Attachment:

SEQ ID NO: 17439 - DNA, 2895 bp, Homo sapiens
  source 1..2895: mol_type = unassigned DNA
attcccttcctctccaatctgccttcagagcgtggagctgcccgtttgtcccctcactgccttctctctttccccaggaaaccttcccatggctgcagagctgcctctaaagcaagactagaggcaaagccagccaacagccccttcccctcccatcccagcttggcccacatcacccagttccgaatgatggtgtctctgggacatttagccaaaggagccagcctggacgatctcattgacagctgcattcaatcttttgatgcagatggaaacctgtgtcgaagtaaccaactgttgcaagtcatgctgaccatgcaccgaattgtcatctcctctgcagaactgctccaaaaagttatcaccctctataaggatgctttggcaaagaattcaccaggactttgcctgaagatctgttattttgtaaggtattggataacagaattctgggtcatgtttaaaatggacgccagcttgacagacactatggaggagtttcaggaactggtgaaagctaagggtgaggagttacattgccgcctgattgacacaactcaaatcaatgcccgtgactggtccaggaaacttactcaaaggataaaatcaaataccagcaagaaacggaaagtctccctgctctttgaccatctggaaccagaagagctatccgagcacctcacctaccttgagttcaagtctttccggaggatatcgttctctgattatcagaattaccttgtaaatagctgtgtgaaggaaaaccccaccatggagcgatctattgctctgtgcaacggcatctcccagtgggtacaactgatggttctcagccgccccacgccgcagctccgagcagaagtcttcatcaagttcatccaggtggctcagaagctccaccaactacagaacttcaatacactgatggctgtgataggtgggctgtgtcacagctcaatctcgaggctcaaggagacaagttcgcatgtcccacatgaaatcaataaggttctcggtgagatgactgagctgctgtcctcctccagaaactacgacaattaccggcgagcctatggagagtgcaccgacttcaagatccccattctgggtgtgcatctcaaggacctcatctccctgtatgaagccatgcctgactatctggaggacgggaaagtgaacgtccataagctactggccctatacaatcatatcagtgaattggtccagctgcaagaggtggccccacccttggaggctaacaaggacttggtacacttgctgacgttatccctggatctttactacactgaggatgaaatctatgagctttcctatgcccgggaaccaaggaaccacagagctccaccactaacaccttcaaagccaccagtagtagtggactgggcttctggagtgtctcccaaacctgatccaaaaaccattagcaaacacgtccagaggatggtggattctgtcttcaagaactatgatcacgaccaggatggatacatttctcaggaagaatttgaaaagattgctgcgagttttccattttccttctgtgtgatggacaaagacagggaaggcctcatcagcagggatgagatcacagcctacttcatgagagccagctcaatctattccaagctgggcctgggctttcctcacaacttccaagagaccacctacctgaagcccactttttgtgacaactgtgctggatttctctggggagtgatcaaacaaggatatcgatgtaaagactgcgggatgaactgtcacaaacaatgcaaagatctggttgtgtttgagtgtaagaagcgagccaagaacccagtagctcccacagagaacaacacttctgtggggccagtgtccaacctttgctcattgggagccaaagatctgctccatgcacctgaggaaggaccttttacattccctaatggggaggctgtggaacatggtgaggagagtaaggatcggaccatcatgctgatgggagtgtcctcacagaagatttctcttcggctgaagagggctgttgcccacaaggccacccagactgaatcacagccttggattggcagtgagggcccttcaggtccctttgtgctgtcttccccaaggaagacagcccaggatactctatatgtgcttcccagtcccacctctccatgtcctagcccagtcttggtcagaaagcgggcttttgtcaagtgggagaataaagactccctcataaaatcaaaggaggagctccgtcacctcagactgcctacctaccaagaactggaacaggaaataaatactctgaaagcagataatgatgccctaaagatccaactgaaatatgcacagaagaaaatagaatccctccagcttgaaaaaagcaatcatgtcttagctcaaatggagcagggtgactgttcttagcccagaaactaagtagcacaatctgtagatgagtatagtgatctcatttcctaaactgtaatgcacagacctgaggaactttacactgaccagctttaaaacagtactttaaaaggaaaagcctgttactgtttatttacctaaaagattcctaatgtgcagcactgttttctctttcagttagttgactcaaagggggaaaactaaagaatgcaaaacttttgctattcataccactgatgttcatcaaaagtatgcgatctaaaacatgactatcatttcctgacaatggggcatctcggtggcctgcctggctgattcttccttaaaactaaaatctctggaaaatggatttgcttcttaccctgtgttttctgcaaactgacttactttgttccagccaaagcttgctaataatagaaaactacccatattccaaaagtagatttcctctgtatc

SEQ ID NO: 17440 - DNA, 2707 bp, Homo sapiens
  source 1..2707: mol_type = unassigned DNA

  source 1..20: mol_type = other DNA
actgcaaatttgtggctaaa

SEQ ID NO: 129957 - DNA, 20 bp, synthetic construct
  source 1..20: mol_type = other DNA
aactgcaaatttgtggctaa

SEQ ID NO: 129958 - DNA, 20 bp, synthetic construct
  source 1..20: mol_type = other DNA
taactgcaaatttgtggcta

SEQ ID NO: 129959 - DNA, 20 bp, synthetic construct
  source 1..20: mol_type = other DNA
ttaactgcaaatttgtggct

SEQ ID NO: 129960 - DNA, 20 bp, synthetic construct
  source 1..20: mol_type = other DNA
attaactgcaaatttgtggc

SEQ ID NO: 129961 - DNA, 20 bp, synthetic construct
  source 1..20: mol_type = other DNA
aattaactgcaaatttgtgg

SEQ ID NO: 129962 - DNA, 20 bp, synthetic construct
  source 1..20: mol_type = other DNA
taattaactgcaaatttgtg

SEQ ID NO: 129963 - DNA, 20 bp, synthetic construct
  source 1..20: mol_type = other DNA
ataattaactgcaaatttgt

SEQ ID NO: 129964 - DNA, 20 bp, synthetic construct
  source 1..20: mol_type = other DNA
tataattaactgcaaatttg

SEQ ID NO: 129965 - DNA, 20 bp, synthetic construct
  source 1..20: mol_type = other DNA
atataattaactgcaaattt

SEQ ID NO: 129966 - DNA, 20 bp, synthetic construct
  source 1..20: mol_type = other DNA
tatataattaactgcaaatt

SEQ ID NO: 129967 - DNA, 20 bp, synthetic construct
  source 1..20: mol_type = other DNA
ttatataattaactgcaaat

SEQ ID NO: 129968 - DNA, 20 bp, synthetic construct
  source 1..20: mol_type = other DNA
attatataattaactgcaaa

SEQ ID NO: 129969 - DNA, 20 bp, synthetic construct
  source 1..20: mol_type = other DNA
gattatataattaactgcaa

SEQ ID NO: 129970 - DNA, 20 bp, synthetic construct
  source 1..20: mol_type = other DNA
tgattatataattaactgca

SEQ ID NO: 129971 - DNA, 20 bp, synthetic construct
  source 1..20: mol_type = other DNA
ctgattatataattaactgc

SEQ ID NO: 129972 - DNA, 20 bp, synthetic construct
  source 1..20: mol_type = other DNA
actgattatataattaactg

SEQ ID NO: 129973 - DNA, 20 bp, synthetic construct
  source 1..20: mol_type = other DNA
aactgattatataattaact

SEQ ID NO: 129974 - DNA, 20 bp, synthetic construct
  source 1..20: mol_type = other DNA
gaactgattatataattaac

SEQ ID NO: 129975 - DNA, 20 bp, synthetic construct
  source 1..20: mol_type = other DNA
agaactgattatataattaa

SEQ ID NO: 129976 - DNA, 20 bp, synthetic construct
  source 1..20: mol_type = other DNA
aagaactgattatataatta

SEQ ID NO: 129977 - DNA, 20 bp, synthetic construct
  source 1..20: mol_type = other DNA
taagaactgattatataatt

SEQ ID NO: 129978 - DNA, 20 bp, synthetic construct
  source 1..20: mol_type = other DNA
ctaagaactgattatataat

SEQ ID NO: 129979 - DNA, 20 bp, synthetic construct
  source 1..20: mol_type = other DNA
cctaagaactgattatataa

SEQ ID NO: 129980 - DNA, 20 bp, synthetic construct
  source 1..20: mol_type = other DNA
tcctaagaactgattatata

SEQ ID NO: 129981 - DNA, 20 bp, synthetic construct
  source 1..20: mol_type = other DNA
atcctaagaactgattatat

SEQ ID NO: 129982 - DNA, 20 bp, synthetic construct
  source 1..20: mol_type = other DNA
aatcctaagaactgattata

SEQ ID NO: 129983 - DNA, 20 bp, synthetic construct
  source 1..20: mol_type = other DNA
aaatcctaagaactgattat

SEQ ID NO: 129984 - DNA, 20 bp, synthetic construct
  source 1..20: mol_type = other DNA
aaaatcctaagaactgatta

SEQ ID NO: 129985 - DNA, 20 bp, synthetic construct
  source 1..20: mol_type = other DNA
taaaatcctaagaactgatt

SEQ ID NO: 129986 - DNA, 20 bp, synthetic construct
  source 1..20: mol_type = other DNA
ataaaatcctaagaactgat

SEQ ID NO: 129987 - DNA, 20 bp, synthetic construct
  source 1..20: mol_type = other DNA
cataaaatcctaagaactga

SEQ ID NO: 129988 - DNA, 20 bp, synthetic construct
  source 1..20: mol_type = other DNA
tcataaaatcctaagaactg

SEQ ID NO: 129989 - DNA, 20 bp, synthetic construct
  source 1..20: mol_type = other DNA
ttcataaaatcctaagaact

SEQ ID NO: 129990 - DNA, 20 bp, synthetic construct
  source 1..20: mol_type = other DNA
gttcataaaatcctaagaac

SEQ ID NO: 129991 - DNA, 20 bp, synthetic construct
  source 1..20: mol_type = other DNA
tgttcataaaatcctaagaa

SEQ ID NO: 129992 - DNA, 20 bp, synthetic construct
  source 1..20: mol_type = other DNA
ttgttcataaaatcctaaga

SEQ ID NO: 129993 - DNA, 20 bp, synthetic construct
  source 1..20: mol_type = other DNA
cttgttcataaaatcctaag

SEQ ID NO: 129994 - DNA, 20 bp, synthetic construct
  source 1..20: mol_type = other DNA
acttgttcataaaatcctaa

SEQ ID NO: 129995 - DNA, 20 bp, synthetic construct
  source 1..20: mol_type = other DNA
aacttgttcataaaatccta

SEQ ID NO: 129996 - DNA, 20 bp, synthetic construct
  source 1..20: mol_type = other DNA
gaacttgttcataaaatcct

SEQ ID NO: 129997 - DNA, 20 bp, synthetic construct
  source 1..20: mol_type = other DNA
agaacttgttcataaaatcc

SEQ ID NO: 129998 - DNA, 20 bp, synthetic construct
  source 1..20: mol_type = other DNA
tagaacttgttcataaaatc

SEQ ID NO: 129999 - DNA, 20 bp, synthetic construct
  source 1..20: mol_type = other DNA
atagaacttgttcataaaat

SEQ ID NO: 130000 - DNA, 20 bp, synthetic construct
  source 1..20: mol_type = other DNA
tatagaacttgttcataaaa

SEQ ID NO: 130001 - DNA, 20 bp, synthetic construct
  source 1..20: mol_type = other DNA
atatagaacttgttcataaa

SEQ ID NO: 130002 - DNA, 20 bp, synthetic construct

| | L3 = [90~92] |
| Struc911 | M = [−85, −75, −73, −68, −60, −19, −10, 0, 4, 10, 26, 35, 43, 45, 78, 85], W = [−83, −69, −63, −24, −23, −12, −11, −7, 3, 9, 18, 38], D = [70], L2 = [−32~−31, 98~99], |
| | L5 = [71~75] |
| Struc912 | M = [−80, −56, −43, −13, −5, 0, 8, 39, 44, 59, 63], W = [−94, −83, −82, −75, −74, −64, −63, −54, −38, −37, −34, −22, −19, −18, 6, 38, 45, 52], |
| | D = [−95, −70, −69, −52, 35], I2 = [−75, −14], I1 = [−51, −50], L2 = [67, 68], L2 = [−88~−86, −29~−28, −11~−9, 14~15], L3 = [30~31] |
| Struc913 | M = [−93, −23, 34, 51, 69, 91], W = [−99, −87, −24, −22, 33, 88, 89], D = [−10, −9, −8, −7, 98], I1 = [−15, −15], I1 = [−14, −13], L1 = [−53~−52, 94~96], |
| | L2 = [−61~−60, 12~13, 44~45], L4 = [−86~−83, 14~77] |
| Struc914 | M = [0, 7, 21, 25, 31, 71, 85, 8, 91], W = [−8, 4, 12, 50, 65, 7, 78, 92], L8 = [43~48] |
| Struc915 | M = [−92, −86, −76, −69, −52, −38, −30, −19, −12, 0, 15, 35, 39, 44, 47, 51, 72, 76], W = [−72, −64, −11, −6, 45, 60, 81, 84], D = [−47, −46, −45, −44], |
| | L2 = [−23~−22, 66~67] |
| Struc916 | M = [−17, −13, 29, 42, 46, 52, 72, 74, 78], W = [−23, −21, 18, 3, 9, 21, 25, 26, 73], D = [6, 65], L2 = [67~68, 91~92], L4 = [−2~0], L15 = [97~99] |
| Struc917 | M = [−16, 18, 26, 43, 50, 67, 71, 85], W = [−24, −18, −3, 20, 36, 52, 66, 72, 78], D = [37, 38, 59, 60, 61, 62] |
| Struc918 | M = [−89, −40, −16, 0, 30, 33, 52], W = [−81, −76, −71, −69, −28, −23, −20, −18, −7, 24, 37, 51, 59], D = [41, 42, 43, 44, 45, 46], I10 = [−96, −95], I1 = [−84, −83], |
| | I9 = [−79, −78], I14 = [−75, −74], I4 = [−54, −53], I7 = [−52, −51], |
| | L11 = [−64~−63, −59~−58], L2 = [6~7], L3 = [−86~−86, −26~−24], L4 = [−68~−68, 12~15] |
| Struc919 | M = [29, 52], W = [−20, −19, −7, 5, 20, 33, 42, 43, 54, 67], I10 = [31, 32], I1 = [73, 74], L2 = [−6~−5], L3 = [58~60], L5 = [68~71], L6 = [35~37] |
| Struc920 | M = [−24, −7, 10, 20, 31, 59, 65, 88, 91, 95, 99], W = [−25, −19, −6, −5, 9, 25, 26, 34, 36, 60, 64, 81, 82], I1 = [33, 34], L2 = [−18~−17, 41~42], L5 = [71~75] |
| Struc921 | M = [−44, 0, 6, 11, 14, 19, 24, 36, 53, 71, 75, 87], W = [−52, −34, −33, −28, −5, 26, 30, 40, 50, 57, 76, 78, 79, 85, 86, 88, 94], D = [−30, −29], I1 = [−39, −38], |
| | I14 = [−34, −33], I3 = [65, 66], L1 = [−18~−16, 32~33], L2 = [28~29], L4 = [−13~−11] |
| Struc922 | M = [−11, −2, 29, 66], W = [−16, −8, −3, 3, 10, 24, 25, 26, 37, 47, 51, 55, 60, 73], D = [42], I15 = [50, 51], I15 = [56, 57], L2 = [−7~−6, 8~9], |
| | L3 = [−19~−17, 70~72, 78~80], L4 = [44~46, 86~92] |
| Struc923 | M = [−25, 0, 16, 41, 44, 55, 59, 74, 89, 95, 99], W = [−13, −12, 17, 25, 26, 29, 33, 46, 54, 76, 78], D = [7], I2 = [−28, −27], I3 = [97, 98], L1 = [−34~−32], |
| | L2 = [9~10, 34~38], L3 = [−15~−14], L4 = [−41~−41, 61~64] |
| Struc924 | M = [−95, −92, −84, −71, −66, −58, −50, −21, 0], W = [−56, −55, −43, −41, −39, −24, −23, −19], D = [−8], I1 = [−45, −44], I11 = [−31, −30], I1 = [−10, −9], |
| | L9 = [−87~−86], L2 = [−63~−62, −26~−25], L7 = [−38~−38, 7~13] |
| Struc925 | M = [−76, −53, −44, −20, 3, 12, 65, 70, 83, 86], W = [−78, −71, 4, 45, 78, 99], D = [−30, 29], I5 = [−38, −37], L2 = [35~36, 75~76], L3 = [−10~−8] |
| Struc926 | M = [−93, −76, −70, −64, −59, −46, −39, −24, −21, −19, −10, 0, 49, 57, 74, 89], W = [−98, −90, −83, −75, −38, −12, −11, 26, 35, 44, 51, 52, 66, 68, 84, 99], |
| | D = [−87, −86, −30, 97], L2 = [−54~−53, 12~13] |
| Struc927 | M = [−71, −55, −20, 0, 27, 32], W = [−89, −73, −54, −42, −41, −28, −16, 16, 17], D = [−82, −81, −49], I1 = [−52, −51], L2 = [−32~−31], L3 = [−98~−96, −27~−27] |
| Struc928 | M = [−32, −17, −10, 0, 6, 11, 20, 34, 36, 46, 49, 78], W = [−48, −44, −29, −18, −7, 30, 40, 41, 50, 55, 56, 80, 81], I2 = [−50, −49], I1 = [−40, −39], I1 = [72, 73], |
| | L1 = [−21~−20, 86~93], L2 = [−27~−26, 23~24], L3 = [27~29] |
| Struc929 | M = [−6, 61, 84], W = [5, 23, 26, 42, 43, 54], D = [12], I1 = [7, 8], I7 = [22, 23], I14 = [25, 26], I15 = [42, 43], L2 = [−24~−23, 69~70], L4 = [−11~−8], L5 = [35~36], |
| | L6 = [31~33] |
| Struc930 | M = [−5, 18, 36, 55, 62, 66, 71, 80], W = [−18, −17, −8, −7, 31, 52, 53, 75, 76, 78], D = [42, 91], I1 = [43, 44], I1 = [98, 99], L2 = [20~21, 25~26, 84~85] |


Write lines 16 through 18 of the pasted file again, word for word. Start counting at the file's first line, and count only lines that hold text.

ttaactgcaaatttgtggct

SEQ ID NO: 129960 - DNA, 20 bp, synthetic construct
  source 1..20: mol_type = other DNA